Siberia, Russia 1 – 11/2014
For those of you who are wondering where we are at the moment, when you find out, please send us an email so we know too. In the meantime, here is Russia in the blink of an eye. Yes, we will get to the gory details when we catch up with our blogs.
You may refer to the last blog on Monika’s birthday and recall the stick poking through the camel’s nose with the rope tied to it. Since we left the beautiful country of Turkey and headed east on the Silk Road, we too have had a “stick” in our nose, a stick called “VISAS”, and the rope has been the incredible bureaucracies of the countries we have driven through. We did not spit at them, but there were many times when we wish we could have.
After wading thorough the Mongolian border exit paperwork, (four hours), and a relatively quick crossing into Russia, we headed for a safe haven in the city of Rubtsovsk where we had many friends awaiting us with open arms. There was a serious “clunk” in the front end of The Turtle V, and as we suspected, it was our wheel bearings getting loose, the result of thousands of miles of the worst imaginable roads possible; 6-inch washboard, deep sand, mud, toilet bowl-size pot-holes, hundreds of lock-to-lock mountain hairpin corners, temperatures from below 0°F to over 120°F, and a few thousand miles more of normal high-speed highways. We do carry replacement bearings, races and seals, but the quick fix for our Dynatrac Free-Spin hubs was simply to have a local mechanic adjust the outer bearings. Had we not had used the Dynatrac Free-Spin hubs with their rebuildable and adjustable Spicer bearings, the problem would have been a catastrophic total failure of the Ford factory “unibearings”.
With that problem solved, we were able to spend a few days with our friends that we had met when we crossed Siberia in 1996. They helped us buy a SIM card for our phone, took us on shopping trips to the local open markets and arranged all needed paperwork for Monika’s Russian visa extension. Being Swiss, she had only been able to get a 10-day “transit visa”, hardly enough time to drive the 4,521 miles, (7,115 km), from Olgii, Mongolia to Vladivostok on the far eastern Pacific Coast of Russia where we would take the ferry to South Korea.
A few wonderful dinners and a super “banya”, (Russian sauna), with the traditional birch branch beating gave us a rest from the “visa stick” in our nose that was being constantly yanked. We had safe parking in Lyosha’s driveway with water and power if we needed it. Lyosha’s wife, Nina, insisted on cooking up some of our Russian favorites while someone was filling our glasses with vodka. Vitaly was our constant guide, chauffeur and interpreter while his wife, Svetlana, filled out the documents in Russian for Monika’s visa extension.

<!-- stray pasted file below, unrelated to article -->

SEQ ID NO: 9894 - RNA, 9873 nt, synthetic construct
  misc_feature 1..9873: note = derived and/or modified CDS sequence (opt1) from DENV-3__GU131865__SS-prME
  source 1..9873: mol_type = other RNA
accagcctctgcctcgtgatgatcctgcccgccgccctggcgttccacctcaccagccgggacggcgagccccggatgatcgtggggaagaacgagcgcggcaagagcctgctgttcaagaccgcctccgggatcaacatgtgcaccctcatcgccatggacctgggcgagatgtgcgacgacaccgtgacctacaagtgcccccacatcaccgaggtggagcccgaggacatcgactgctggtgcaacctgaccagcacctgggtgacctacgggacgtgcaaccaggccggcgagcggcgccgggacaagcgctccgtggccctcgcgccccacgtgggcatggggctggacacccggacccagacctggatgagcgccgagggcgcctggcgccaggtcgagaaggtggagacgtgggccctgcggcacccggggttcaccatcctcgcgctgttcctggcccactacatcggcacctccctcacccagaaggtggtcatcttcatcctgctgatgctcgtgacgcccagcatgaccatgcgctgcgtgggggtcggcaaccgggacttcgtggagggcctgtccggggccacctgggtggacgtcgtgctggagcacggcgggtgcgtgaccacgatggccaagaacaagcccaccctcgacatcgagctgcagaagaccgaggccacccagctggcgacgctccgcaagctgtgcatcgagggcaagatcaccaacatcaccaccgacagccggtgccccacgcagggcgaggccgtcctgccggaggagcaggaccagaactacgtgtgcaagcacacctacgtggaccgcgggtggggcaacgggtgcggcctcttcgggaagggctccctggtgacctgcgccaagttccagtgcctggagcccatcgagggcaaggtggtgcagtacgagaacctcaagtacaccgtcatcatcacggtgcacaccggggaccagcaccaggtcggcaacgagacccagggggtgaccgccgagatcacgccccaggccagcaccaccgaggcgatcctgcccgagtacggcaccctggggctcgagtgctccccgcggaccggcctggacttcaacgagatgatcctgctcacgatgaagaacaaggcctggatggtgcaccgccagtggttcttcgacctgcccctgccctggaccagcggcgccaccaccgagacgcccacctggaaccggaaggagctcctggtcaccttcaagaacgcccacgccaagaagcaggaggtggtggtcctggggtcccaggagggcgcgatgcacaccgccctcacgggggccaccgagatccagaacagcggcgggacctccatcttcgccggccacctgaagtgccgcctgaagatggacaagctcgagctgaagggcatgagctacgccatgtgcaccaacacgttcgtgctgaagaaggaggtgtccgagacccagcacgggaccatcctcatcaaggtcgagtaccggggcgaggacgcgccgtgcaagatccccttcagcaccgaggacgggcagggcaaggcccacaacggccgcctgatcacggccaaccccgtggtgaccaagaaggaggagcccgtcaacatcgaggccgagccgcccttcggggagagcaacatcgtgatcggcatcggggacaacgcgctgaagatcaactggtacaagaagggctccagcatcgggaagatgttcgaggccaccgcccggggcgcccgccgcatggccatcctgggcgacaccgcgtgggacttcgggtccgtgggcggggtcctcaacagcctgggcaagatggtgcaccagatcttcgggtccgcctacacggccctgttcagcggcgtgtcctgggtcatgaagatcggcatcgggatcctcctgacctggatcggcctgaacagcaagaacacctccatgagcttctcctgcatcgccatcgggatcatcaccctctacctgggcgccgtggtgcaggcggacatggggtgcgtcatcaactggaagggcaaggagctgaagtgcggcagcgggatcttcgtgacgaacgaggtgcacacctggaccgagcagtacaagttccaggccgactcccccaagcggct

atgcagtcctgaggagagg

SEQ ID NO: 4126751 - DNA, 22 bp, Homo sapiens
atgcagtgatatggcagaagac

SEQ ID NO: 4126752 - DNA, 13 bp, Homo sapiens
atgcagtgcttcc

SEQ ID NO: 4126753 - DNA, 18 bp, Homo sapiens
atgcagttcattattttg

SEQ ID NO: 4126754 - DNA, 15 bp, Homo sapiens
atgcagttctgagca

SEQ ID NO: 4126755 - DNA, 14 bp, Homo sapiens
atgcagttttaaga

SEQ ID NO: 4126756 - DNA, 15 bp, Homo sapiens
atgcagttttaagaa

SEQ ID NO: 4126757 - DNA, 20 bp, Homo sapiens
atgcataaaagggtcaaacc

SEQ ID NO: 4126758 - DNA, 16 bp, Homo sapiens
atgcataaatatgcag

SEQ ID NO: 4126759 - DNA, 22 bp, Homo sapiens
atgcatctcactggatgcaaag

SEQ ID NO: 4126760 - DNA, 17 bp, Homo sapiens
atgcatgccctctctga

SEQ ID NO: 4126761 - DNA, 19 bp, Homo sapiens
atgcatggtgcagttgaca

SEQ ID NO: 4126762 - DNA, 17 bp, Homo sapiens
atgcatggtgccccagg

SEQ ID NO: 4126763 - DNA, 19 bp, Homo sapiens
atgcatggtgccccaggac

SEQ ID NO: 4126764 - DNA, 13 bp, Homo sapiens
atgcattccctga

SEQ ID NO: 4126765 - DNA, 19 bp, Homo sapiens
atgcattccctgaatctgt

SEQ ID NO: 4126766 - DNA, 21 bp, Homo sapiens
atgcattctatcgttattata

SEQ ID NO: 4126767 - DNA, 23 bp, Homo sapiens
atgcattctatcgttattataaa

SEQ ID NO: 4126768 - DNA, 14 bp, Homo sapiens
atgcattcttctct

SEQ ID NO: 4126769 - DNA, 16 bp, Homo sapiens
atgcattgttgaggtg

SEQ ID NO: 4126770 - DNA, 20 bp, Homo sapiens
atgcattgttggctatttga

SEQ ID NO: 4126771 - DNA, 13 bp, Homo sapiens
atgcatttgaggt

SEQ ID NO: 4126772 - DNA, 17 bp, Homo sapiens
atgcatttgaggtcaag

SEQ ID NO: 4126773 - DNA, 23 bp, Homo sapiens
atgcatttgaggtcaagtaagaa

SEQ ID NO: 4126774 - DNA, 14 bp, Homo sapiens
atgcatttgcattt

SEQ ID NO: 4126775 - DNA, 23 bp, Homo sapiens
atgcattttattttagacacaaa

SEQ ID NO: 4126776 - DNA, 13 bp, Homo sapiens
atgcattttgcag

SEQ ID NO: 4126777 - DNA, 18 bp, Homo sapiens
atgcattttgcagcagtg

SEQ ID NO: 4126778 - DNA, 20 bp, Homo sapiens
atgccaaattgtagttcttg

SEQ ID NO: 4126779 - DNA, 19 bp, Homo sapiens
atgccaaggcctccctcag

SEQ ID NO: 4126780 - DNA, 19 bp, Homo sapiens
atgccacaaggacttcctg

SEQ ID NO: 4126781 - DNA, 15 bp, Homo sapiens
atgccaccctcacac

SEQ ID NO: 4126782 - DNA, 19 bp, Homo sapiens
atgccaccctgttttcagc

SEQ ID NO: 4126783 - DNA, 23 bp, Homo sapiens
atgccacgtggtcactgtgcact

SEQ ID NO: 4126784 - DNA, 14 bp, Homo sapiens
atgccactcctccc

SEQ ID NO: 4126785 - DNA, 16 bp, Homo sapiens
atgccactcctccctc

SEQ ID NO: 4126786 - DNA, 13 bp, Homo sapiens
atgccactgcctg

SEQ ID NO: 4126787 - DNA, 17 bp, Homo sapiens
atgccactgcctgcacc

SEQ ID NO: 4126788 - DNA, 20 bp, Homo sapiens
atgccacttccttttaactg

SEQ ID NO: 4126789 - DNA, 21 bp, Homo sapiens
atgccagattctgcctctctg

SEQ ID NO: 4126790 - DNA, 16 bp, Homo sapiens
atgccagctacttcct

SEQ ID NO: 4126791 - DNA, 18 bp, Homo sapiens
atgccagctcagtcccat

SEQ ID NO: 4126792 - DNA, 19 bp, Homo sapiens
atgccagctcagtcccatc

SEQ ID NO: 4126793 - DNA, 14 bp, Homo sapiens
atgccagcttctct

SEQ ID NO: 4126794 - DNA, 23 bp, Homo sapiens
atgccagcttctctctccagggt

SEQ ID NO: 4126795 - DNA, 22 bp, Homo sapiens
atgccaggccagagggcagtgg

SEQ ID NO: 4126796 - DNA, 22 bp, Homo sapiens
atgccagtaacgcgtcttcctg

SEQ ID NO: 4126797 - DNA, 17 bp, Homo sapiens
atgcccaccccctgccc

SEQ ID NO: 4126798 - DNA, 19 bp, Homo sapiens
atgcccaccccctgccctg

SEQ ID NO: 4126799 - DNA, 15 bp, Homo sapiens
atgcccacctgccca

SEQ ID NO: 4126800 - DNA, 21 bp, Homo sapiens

After a final goodbye, we hit the icy roads of Siberia with memories of our crossing in 1996. Many good changes had taken place but it also included much more traffic. Now instead of frozen dirt and gravel roads, they were mostly paved, covered with treacherous ice and hard-packed snow. The plows were busy but they could hardly keep up with the storm we drove though. Passing semi-trucks would create near whiteout conditions in the dry powder.
Daylight hours were getting shorter as we headed north around the hump of China, demanding that if we were to make any real progress, we needed to drive some at night. Uncapping our PIAA 510 ATP XTreme White Driving Halogen Lamps and aiming them low gave us an idea of the centerline and sides of the narrow two-lane highway, sometimes in blizzard conditions. The 580 Driving XTreme White Plus Halogen Lamps were pointed about 60 yards down the road, giving us ample time to see potholes or other unannounced obstacles. Oncoming traffic was quick to let us know if we were slow in turning off the incredibly bright 580’s.
Our Michelin XZL tires had been a concern even back in Turkey. With already some 18,000 miles on them then, would they last on the bad roads through the Stans and then all the way across China? Much to our relief and amazement, even after the horrendous crossing of the Altai Gobi Desert in Mongolia, we had no flats. Even running at reduced pressures, (40psi front 50psi rear), for three months when paved roads were so rough and potholed that they were worse than the dirt washboard of Mongolia, the XZL’s had not lost a single pound of air during the entire trip. Now at nearly 40,000 miles, the treads still had plenty of bite in the snow and slop. Nothing will stop on ice and packed snow. We did have Pewag Mud & Snow chains for all four wheels, but that would have reduced our speed to 35 mph. Without chains or studs, it made for some white-knuckle driving on the corners and passing slow big rigs.
As temperatures dropped to -23°F we reflected that driving up the frozen Lena River from Yakutsk to Lensk for 680 miles and then another 700 miles on winter roads through the Taiga forest in 1996 was infinitely easier and more exciting in a different way.